In studying the commandments it is always well to remember the introductory statement, "I am the Lord thy God, which have brought thee out of the land of Egypt, out of the house of bondage." We are then prepared to see that all the commandments have a distinct relation to our moral and spiritual freedom; or, to be more exact, to the process of acquiring and retaining it. We may not at once see that all are of vital importance, that we cannot obey in one particular and offend in another, but the great Teacher has said, "Till heaven and earth pass, one jot or one tittle shall in no wise pass from the law, till all be fulfilled." It is true that his sense of moral obligation was different from that of his contemporaries and coreligionists, so different that the scribes and Pharisees failed utterly to understand him and thought him a lawbreaker; but he verified the proverb, "Wisdom is justified of all her children." On more than one occasion they thought to convict him of Sabbath-breaking because he healed the sick on the Sabbath day, and also when his disciples plucked some ears of corn. It was on this latter occasion that he made the memorable and oft-quoted reply, "The sabbath was made for man, and not man for the sabbath."

The statement that the Sabbath was made for man may be said to explain the whole problem. Man's real needs are spiritual, and the institution of the Sabbath was a wise and merciful provision for this need. Mortals seek to satisfy their restless longings in the pursuit of material pleasures, and then they are driven by the scourage of an incessant demand for material sustenance: "What shall we eat? or, What shall we drink? or, Wherewithal shall we be clothed?" and it is at this point that we are bidden, "Seek ye first the kingdom of God, and his righteousness; and all these things shall be added unto you." The "first day of the week" should thus mark for each one a resurrection out of the beliefs of materiality, and it will bring blessings to every other day of the week, if we carry the spiritual sense then gained into all the days and all the problems.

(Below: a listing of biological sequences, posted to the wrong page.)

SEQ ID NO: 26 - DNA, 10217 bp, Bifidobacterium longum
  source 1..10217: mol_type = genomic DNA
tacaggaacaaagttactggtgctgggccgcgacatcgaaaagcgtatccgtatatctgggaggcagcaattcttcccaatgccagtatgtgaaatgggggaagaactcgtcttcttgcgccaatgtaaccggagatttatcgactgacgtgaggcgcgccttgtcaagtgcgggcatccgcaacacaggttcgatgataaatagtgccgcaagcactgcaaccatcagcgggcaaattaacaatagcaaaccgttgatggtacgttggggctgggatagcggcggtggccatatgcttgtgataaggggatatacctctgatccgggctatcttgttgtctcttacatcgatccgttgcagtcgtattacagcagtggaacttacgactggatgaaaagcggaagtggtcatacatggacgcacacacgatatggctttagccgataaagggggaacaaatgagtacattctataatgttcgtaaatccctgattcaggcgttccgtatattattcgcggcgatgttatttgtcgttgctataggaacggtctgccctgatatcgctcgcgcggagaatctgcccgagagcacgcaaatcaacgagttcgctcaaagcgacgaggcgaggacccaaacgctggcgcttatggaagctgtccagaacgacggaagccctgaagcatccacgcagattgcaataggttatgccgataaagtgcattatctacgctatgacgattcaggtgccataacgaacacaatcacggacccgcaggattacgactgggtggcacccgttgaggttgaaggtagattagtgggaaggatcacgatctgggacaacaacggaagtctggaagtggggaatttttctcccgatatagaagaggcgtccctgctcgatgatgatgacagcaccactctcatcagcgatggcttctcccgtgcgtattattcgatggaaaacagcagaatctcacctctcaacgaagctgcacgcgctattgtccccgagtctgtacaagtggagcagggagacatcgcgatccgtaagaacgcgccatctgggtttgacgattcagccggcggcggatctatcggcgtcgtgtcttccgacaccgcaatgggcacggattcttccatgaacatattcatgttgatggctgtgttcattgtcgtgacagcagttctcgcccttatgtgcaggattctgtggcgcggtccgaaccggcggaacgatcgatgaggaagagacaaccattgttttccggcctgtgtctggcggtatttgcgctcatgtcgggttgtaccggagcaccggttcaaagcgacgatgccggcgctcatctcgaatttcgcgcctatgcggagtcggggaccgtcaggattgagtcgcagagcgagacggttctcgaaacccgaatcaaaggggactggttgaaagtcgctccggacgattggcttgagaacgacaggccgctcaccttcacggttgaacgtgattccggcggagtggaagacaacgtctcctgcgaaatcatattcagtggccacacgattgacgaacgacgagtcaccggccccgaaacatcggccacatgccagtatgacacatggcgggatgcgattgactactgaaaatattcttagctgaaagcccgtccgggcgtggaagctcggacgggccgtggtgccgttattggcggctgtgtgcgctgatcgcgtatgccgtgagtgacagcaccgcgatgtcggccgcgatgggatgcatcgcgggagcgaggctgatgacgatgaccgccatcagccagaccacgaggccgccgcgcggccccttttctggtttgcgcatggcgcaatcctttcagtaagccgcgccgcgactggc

We can never think that Jesus desecrated any day by mere indolence or the pursuit of pleasure. The "Father's business"—the establishment of the kingdom—was too vital a consideration to be forgotten for a moment. It was always "first" with him, and it should be so with us. Our revered Leader says of Christ Jesus, "He knew that men can ... observe the Sabbath, make long prayers, and yet be sensual and sinful" (Science and Health, p. 20). We have all seen instances where a strict observance of the Sabbath was unaccompanied by consistent Christian conduct, but this is no argument against its true observance. It only shows the necessity for greater spirituality, for without this we cannot keep any of the commandments in the spirit as well as in the letter. Paul says, "That the righteousness of the law might be fulfilled in us, who walk not after the flesh, but after the Spirit." The Sabbath should ever be characterized by joy and gladness, for these are fruits of the Spirit; and we should "remember" the joy as inseparable from the holiness.

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September 18, 1909

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